For example, if you've opted for sage green kitchen cabinets, look for similar dusky tones for your walls so that there's a subtle contrast but it all ties together seamlessly. If you're a bit worried about using darker tones this is an easy way to dabble in playing with colour without creating a dramatic look.

If you want a trending colour that is still relatively subtle, Interior Designer Laura Stephens says, 'I am really enjoying yellow on the cabinets right now - ‘Brimstone’ from Paint and Paper Library is a lovely buttery yellow which looks gorgeous with ‘Lots Road’ from Mylands (a creamy warm neutral) on the walls.'

4. Contrast cabinet colours

Blue shaker kitchen with black walls and pink island

(Image credit: Future PLC/Douglas Gibb)

Alongside contrasting the colour of your kitchen walls, you can also vary cabinetry shades for a more dimensional look.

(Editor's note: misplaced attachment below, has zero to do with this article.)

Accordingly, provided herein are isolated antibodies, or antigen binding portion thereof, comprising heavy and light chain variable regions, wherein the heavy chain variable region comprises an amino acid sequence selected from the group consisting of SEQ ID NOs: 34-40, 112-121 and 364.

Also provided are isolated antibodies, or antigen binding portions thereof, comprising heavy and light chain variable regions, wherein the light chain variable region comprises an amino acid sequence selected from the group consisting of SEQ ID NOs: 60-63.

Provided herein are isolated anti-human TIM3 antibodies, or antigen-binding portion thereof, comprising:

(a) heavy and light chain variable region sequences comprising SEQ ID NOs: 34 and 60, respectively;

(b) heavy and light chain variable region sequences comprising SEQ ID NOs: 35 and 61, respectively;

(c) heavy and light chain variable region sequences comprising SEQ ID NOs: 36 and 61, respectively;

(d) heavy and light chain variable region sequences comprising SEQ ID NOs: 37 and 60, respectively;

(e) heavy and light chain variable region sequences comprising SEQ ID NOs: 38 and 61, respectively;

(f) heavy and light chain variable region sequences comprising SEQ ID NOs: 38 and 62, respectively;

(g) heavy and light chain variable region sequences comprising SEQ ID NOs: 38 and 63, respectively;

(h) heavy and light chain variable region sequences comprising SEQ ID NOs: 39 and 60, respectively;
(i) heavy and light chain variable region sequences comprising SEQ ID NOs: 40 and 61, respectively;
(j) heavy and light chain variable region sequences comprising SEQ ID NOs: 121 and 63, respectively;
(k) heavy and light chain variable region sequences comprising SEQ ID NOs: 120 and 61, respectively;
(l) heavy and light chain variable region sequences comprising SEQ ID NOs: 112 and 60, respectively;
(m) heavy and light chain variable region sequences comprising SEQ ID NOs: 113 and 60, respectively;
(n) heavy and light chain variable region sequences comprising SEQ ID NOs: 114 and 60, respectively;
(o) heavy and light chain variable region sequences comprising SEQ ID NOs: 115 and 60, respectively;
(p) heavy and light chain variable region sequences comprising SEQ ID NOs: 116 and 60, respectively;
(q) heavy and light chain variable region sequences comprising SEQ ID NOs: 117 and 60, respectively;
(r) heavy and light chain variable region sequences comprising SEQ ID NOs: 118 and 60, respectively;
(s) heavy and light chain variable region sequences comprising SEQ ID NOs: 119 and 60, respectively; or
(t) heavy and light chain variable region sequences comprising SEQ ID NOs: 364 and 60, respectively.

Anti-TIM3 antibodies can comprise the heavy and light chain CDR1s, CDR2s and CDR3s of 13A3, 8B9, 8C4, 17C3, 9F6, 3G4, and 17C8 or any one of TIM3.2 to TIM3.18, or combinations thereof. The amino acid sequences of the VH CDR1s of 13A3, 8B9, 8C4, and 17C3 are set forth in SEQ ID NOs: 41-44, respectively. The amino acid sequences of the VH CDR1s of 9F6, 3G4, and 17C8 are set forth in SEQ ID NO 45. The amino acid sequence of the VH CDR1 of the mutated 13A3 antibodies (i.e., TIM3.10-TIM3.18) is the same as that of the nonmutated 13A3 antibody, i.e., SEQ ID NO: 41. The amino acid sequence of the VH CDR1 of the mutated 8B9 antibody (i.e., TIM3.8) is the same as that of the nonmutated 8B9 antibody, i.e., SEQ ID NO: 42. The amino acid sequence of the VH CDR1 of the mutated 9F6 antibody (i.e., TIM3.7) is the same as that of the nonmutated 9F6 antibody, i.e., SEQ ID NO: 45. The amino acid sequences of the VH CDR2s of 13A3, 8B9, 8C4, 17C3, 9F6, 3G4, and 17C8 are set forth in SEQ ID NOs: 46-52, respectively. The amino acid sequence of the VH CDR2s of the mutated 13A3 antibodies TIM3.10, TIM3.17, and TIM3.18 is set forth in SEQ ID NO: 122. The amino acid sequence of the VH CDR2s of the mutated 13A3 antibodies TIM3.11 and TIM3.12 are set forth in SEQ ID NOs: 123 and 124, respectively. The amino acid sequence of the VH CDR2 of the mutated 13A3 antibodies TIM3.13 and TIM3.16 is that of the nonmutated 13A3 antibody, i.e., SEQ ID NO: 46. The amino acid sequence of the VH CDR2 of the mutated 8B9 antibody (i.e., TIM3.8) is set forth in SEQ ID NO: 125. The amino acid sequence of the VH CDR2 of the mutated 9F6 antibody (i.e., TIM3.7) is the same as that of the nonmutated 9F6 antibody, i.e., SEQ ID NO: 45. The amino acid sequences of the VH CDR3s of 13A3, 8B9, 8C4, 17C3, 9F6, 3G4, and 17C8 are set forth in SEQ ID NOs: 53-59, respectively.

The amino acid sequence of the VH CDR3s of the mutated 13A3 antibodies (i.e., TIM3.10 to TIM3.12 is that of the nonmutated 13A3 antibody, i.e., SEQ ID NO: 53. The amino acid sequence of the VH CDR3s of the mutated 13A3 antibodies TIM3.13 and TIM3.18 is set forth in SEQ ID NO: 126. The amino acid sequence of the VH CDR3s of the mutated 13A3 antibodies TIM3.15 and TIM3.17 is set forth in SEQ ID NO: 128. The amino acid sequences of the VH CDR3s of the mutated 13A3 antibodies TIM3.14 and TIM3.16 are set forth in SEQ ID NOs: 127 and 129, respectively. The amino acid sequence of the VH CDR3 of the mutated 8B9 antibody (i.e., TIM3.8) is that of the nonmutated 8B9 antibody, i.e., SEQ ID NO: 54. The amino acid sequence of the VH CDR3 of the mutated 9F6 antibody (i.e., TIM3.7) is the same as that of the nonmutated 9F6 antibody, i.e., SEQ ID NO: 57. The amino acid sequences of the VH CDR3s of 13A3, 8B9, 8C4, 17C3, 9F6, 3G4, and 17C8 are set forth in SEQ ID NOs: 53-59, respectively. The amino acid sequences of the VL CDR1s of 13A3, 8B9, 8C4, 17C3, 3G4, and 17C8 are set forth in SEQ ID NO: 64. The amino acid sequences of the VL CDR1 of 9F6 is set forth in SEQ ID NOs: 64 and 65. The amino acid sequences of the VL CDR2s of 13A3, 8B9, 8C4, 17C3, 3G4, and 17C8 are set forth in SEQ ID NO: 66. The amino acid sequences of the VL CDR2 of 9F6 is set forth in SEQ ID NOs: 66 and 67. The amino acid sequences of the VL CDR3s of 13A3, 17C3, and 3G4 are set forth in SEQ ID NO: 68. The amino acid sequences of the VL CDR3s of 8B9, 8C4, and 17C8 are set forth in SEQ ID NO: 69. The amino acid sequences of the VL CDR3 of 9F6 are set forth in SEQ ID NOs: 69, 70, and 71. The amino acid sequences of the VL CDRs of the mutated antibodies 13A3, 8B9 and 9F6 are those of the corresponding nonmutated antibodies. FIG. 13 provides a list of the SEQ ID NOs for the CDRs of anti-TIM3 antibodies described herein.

It doesn't just have to be a case of picking two shades, one light and one dark, for your kitchen colour scheme. The world is your oyster but we recommend adding a third into the mix, especially when featured on a kitchen island. Choosing an alternate colourful kitchen island idea will create an eye-catching focal point and allow you to try out a darker colour without committing to using it on the walls.


How do the colours of your kitchen walls and cabinets affect light and space?

Whether you're dealing with a small and dark kitchen or you just want to make use of some cabinetry tricks to make a kitchen look bigger, paint and colour can have a huge impact.